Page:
Skip to content

Carry on Screaming – Oktober by Stephen Gallagher (1988) #BookReview

Welcome, ladies, gentlemen and fellow horror lovers, to this month’s Carry on Screaming post. Each month I’ll be reviewing a vintage British horror novels and reflecting on what was happening in both the horror genre and the news in the UK at the time. You can read previous posts in the series by clicking on the ‘Carry on Screaming‘ category.

oktober by stephen gallagher book cover

An apparently fatal incident occurs when schoolteacher Jim Harper is skiing near a small research station owned by the giant multinational Risinger-Genoud. Even treatment with their new, untried and experimental superdrug cannot save his life.

Or so it seems. For Jim Harper, though left for dead, has survived. But in the long haul back to health and sanity, he begins to realise that something terrible has happened to him. Now the only way in which he can unravel the mystery in his mind is to go back to the point where it began to develop – back to Risinger-Genoud and their Oktober programme. And Risinger Genoud are going to be very interested to see him.

Oktober is a frightening journey into a world of greed and lies, a world in which the cover-up is not only a way of life, but something planned ahead of time. Step by horrifying step, Jim Harper unravels what has been done to him, and then designs the perfect act of vengeance, an act that teeters on the brink of madness…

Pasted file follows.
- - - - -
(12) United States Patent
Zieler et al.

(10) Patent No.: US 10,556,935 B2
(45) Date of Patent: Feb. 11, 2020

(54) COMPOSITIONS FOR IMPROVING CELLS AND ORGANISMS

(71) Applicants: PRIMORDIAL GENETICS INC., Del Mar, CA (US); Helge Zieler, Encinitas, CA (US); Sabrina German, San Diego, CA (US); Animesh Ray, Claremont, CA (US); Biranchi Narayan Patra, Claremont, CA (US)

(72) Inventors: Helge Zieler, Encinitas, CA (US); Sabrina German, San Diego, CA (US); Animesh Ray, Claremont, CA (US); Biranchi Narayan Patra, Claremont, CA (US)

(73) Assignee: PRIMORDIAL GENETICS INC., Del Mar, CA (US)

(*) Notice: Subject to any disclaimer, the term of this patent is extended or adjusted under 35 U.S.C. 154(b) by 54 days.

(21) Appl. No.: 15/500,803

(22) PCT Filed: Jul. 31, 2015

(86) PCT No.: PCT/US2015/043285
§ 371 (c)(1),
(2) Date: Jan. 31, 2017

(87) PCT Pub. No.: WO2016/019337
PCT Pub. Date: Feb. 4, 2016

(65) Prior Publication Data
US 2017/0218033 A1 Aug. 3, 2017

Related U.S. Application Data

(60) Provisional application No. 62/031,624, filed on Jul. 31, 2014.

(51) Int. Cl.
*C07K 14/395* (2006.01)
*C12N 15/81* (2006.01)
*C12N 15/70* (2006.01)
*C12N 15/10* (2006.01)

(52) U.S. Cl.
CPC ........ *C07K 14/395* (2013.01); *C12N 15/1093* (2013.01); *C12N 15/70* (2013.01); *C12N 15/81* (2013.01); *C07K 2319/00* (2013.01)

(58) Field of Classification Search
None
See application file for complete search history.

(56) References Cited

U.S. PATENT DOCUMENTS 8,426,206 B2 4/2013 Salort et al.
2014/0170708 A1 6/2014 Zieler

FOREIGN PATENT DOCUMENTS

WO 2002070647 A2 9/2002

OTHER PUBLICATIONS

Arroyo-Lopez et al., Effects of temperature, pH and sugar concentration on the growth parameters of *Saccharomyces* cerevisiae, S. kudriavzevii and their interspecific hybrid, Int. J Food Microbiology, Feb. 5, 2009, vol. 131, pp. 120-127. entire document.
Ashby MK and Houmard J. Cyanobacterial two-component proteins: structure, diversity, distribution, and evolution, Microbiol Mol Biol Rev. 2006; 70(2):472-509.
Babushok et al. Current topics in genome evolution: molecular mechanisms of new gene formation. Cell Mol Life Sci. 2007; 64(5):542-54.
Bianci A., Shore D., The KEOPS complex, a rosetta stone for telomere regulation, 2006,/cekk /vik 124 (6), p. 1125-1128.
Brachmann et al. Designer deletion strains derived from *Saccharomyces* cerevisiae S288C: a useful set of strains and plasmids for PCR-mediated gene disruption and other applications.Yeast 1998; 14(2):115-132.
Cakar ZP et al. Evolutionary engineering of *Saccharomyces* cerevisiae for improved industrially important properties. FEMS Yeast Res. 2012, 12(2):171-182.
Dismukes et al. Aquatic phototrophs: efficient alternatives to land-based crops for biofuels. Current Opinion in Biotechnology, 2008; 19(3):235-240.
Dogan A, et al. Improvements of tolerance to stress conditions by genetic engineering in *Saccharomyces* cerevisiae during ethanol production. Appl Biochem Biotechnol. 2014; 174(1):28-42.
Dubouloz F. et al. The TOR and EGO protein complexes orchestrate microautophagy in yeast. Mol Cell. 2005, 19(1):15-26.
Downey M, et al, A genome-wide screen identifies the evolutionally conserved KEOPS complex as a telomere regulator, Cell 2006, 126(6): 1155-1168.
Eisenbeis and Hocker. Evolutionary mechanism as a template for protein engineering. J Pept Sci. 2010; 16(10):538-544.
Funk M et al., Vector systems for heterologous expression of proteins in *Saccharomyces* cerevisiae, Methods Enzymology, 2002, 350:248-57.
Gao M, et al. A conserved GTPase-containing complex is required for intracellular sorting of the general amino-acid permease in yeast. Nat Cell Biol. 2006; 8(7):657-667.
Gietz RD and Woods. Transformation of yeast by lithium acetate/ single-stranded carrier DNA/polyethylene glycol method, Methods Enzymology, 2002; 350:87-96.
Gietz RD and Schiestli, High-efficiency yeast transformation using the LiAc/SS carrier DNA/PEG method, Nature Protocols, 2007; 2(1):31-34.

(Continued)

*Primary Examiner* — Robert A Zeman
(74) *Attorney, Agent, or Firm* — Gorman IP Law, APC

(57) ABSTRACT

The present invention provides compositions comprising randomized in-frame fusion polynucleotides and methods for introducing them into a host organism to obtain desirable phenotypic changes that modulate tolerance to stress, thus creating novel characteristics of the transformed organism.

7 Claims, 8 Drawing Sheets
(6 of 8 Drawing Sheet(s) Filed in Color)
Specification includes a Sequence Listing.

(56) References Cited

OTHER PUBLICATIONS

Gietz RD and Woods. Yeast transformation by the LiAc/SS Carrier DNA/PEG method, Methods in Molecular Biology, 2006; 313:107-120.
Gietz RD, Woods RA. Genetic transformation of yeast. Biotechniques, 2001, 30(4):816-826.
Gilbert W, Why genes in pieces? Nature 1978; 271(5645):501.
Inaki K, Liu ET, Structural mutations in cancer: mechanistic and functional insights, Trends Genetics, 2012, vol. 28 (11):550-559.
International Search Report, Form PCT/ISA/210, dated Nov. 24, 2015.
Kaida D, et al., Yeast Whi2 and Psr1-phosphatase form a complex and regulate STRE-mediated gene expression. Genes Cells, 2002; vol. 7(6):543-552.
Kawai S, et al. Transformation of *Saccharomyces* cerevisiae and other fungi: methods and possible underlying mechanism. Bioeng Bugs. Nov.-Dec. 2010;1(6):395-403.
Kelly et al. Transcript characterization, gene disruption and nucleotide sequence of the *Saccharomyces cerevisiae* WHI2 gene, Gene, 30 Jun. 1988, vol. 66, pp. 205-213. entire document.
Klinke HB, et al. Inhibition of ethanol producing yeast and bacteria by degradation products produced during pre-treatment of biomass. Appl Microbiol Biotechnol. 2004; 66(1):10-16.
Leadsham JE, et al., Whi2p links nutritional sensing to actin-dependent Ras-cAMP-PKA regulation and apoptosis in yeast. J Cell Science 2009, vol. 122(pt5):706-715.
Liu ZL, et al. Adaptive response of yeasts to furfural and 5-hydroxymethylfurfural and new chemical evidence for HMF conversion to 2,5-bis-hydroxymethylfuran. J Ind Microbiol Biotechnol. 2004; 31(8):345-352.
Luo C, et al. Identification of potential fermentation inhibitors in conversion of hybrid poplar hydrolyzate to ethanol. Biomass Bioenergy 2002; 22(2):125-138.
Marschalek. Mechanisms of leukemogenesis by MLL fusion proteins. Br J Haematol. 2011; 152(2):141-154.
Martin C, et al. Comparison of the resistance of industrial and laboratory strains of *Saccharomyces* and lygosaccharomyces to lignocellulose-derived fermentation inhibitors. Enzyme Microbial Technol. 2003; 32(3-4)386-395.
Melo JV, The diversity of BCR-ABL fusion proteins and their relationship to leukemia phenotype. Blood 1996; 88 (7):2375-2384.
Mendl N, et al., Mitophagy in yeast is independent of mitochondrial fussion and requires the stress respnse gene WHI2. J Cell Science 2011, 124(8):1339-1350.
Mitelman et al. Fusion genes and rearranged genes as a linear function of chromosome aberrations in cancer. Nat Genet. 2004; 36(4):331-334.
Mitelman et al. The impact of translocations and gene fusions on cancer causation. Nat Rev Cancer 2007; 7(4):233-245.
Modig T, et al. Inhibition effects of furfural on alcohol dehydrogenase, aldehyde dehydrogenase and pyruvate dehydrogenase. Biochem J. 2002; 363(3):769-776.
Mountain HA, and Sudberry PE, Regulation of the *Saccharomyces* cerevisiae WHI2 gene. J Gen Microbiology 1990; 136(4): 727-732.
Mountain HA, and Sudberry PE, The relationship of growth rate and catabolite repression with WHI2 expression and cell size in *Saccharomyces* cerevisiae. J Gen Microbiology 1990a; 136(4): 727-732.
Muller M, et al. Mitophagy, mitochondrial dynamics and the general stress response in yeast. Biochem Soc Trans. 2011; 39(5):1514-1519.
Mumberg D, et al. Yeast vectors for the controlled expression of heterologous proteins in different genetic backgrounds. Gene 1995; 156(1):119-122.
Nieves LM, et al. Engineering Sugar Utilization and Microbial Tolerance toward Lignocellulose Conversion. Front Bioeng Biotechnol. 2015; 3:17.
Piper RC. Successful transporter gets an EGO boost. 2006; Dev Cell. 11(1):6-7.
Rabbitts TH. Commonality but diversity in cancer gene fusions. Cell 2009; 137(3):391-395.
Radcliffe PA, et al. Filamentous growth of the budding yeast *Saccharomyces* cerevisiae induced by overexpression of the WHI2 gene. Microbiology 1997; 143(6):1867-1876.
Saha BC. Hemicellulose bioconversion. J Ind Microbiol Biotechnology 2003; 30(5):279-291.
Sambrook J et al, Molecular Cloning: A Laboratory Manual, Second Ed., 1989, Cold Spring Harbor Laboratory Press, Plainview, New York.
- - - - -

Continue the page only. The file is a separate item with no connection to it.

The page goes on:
Title: Oktober | Author: Stephen Gallagher | Publisher: New English Library | Pub. Year: 1988 | Pages: 256 | Genre: Horror | Language: English | Source: Self-purchased | Starred Review: No

Stephen Gallagher is one of those admirable authors who has never achieved the popularity he deserves but who keeps going anyway. He’s published over 20 novels (including novelisations of the film ‘Saturn 3’ and the movie turned TV show ‘Fame’) as well as writing extensively for television. This book, ‘Oktober’ was adapted for the small screen in the 90s, as was his earlier novel ‘Chimera’. There are a few of his books (‘Valley of Lights’, ‘Nightmare, with Angel’, ‘Down River’ and ‘Rain’) which I remember really fondly. ‘Oktober’ isn’t Gallagher at his best, but it’s still an entertaining horror novel and an interesting take on the 80s conspiracy thriller.

 It tells the story of Jim Harper, a young man who gets experimented on in the Swiss Alps by a mysterious European pharmaceutical firm, and then dumped back in the UK under observation by a team of the company’s agents. The drugs he’s been exposed to give him nightmares and hallucinations which plague Jim as he tries to figure out what has happened to him. These make up the horror part of the book, and are generally quite effective. What’s left is a thriller that feels a little Ludlum-eque (although far less bloated) filled with globe-trotting, fiendish scientists, betrayal and lots and lots of talk about computers.

It’s generally gripping and entertaining, the horror and thriller elements work well together and Harper is a hero it’s easy to feel sympathy for. What holds the book back from being a more notable entry in the genre is the fact that it can be quite confusing at times. The plot is non-linear, skipping about in both time and location, and I found I got lost more than once. That’s a shame, because what is otherwise a fun chiller, became a bit of a chore at times.